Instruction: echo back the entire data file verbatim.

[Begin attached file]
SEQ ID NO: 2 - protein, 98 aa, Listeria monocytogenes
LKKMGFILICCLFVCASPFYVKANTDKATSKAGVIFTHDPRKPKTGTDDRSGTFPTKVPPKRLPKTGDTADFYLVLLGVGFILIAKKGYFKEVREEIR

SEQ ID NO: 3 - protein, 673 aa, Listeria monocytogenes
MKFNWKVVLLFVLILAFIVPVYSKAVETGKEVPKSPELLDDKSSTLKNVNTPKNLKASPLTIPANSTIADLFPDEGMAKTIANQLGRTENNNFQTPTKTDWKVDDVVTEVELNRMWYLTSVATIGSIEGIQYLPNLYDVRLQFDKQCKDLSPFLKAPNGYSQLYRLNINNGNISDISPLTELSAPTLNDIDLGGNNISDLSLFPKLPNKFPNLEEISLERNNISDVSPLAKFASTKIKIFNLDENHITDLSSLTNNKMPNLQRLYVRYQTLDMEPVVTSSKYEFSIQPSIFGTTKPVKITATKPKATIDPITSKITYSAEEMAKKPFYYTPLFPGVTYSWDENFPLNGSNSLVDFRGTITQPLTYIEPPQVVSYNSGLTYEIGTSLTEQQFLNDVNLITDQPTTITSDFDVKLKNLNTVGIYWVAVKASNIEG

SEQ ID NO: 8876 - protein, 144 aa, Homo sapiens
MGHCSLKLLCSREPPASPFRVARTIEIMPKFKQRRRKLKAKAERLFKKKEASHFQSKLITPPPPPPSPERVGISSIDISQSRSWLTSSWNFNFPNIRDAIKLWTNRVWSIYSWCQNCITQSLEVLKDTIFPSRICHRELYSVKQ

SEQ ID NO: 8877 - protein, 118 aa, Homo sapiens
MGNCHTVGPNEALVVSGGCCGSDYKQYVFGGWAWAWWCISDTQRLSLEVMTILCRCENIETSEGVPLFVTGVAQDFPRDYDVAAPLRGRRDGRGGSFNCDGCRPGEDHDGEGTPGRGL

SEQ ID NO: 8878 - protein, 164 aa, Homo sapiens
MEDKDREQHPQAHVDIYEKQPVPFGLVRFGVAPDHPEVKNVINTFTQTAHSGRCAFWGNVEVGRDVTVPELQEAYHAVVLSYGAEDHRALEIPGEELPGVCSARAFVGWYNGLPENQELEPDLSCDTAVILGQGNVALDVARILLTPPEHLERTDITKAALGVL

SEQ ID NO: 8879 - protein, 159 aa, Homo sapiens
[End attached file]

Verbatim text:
SEQ ID NO: 2 - protein, 98 aa, Listeria monocytogenes
LKKMGFILICCLFVCASPFYVKANTDKATSKAGVIFTHDPRKPKTGTDDRSGTFPTKVPPKRLPKTGDTADFYLVLLGVGFILIAKKGYFKEVREEIR

SEQ ID NO: 3 - protein, 673 aa, Listeria monocytogenes
MKFNWKVVLLFVLILAFIVPVYSKAVETGKEVPKSPELLDDKSSTLKNVNTPKNLKASPLTIPANSTIADLFPDEGMAKTIANQLGRTENNNFQTPTKTDWKVDDVVTEVELNRMWYLTSVATIGSIEGIQYLPNLYDVRLQFDKQCKDLSPFLKAPNGYSQLYRLNINNGNISDISPLTELSAPTLNDIDLGGNNISDLSLFPKLPNKFPNLEEISLERNNISDVSPLAKFASTKIKIFNLDENHITDLSSLTNNKMPNLQRLYVRYQTLDMEPVVTSSKYEFSIQPSIFGTTKPVKITATKPKATIDPITSKITYSAEEMAKKPFYYTPLFPGVTYSWDENFPLNGSNSLVDFRGTITQPLTYIEPPQVVSYNSGLTYEIGTSLTEQQFLNDVNLITDQPTTITSDFDVKLKNLNTVGIYWVAVKASNIEG

SEQ ID NO: 8876 - protein, 144 aa, Homo sapiens
MGHCSLKLLCSREPPASPFRVARTIEIMPKFKQRRRKLKAKAERLFKKKEASHFQSKLITPPPPPPSPERVGISSIDISQSRSWLTSSWNFNFPNIRDAIKLWTNRVWSIYSWCQNCITQSLEVLKDTIFPSRICHRELYSVKQ

SEQ ID NO: 8877 - protein, 118 aa, Homo sapiens
MGNCHTVGPNEALVVSGGCCGSDYKQYVFGGWAWAWWCISDTQRLSLEVMTILCRCENIETSEGVPLFVTGVAQDFPRDYDVAAPLRGRRDGRGGSFNCDGCRPGEDHDGEGTPGRGL

SEQ ID NO: 8878 - protein, 164 aa, Homo sapiens
MEDKDREQHPQAHVDIYEKQPVPFGLVRFGVAPDHPEVKNVINTFTQTAHSGRCAFWGNVEVGRDVTVPELQEAYHAVVLSYGAEDHRALEIPGEELPGVCSARAFVGWYNGLPENQELEPDLSCDTAVILGQGNVALDVARILLTPPEHLERTDITKAALGVL

SEQ ID NO: 8879 - protein, 159 aa, Homo sapiens